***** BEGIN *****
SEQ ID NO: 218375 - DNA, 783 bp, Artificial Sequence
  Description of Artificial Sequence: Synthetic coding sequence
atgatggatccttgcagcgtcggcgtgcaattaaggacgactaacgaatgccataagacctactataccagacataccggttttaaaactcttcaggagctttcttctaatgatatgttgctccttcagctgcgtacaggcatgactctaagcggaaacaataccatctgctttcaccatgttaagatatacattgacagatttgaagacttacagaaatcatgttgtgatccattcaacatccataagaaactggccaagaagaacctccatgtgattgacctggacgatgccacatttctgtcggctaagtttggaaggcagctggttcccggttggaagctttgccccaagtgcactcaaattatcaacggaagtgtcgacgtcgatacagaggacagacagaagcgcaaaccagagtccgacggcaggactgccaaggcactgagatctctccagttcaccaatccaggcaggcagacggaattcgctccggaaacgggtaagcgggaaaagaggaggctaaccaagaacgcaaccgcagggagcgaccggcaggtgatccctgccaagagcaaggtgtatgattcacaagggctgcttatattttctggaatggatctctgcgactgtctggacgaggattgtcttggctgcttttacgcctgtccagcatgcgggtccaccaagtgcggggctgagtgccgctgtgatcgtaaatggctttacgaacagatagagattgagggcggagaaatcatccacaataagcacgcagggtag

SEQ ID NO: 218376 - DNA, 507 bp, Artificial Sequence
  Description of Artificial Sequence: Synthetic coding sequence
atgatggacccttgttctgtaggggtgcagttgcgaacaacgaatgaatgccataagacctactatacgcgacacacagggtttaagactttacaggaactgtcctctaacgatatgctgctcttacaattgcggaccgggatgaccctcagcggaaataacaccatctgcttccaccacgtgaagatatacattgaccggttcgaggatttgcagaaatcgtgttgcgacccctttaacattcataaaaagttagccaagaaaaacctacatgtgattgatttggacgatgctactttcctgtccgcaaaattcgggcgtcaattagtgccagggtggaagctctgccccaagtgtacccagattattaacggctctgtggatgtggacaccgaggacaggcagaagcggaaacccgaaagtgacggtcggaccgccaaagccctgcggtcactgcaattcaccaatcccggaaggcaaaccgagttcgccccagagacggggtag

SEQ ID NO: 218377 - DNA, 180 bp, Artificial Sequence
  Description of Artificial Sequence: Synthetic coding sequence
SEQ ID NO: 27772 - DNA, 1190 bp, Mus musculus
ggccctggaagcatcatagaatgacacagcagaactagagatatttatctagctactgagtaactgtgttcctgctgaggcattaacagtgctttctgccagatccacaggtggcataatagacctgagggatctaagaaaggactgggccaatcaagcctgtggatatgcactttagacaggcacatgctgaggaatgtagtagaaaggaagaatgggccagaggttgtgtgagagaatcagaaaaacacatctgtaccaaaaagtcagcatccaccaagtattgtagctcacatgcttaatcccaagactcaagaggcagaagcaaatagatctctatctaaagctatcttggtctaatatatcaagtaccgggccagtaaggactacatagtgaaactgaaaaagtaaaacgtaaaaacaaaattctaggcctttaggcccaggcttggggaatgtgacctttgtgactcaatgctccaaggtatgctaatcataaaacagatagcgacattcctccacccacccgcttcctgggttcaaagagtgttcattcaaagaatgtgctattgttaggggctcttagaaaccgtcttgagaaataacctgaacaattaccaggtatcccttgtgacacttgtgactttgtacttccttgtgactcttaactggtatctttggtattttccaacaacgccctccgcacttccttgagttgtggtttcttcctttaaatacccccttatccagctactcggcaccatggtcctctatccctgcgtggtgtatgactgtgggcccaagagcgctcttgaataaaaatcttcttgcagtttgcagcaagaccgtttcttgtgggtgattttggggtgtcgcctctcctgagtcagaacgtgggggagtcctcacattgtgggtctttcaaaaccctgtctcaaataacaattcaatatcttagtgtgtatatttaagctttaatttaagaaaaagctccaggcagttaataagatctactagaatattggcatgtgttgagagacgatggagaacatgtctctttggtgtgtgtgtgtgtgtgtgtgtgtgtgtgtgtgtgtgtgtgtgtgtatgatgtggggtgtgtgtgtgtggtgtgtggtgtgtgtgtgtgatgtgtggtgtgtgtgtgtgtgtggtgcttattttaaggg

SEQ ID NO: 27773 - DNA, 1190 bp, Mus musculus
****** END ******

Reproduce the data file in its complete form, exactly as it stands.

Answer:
SEQ ID NO: 218375 - DNA, 783 bp, Artificial Sequence
  Description of Artificial Sequence: Synthetic coding sequence
atgatggatccttgcagcgtcggcgtgcaattaaggacgactaacgaatgccataagacctactataccagacataccggttttaaaactcttcaggagctttcttctaatgatatgttgctccttcagctgcgtacaggcatgactctaagcggaaacaataccatctgctttcaccatgttaagatatacattgacagatttgaagacttacagaaatcatgttgtgatccattcaacatccataagaaactggccaagaagaacctccatgtgattgacctggacgatgccacatttctgtcggctaagtttggaaggcagctggttcccggttggaagctttgccccaagtgcactcaaattatcaacggaagtgtcgacgtcgatacagaggacagacagaagcgcaaaccagagtccgacggcaggactgccaaggcactgagatctctccagttcaccaatccaggcaggcagacggaattcgctccggaaacgggtaagcgggaaaagaggaggctaaccaagaacgcaaccgcagggagcgaccggcaggtgatccctgccaagagcaaggtgtatgattcacaagggctgcttatattttctggaatggatctctgcgactgtctggacgaggattgtcttggctgcttttacgcctgtccagcatgcgggtccaccaagtgcggggctgagtgccgctgtgatcgtaaatggctttacgaacagatagagattgagggcggagaaatcatccacaataagcacgcagggtag

SEQ ID NO: 218376 - DNA, 507 bp, Artificial Sequence
  Description of Artificial Sequence: Synthetic coding sequence
atgatggacccttgttctgtaggggtgcagttgcgaacaacgaatgaatgccataagacctactatacgcgacacacagggtttaagactttacaggaactgtcctctaacgatatgctgctcttacaattgcggaccgggatgaccctcagcggaaataacaccatctgcttccaccacgtgaagatatacattgaccggttcgaggatttgcagaaatcgtgttgcgacccctttaacattcataaaaagttagccaagaaaaacctacatgtgattgatttggacgatgctactttcctgtccgcaaaattcgggcgtcaattagtgccagggtggaagctctgccccaagtgtacccagattattaacggctctgtggatgtggacaccgaggacaggcagaagcggaaacccgaaagtgacggtcggaccgccaaagccctgcggtcactgcaattcaccaatcccggaaggcaaaccgagttcgccccagagacggggtag

SEQ ID NO: 218377 - DNA, 180 bp, Artificial Sequence
  Description of Artificial Sequence: Synthetic coding sequence
SEQ ID NO: 27772 - DNA, 1190 bp, Mus musculus
ggccctggaagcatcatagaatgacacagcagaactagagatatttatctagctactgagtaactgtgttcctgctgaggcattaacagtgctttctgccagatccacaggtggcataatagacctgagggatctaagaaaggactgggccaatcaagcctgtggatatgcactttagacaggcacatgctgaggaatgtagtagaaaggaagaatgggccagaggttgtgtgagagaatcagaaaaacacatctgtaccaaaaagtcagcatccaccaagtattgtagctcacatgcttaatcccaagactcaagaggcagaagcaaatagatctctatctaaagctatcttggtctaatatatcaagtaccgggccagtaaggactacatagtgaaactgaaaaagtaaaacgtaaaaacaaaattctaggcctttaggcccaggcttggggaatgtgacctttgtgactcaatgctccaaggtatgctaatcataaaacagatagcgacattcctccacccacccgcttcctgggttcaaagagtgttcattcaaagaatgtgctattgttaggggctcttagaaaccgtcttgagaaataacctgaacaattaccaggtatcccttgtgacacttgtgactttgtacttccttgtgactcttaactggtatctttggtattttccaacaacgccctccgcacttccttgagttgtggtttcttcctttaaatacccccttatccagctactcggcaccatggtcctctatccctgcgtggtgtatgactgtgggcccaagagcgctcttgaataaaaatcttcttgcagtttgcagcaagaccgtttcttgtgggtgattttggggtgtcgcctctcctgagtcagaacgtgggggagtcctcacattgtgggtctttcaaaaccctgtctcaaataacaattcaatatcttagtgtgtatatttaagctttaatttaagaaaaagctccaggcagttaataagatctactagaatattggcatgtgttgagagacgatggagaacatgtctctttggtgtgtgtgtgtgtgtgtgtgtgtgtgtgtgtgtgtgtgtgtgtgtatgatgtggggtgtgtgtgtgtggtgtgtggtgtgtgtgtgtgatgtgtggtgtgtgtgtgtgtgtggtgcttattttaaggg

SEQ ID NO: 27773 - DNA, 1190 bp, Mus musculus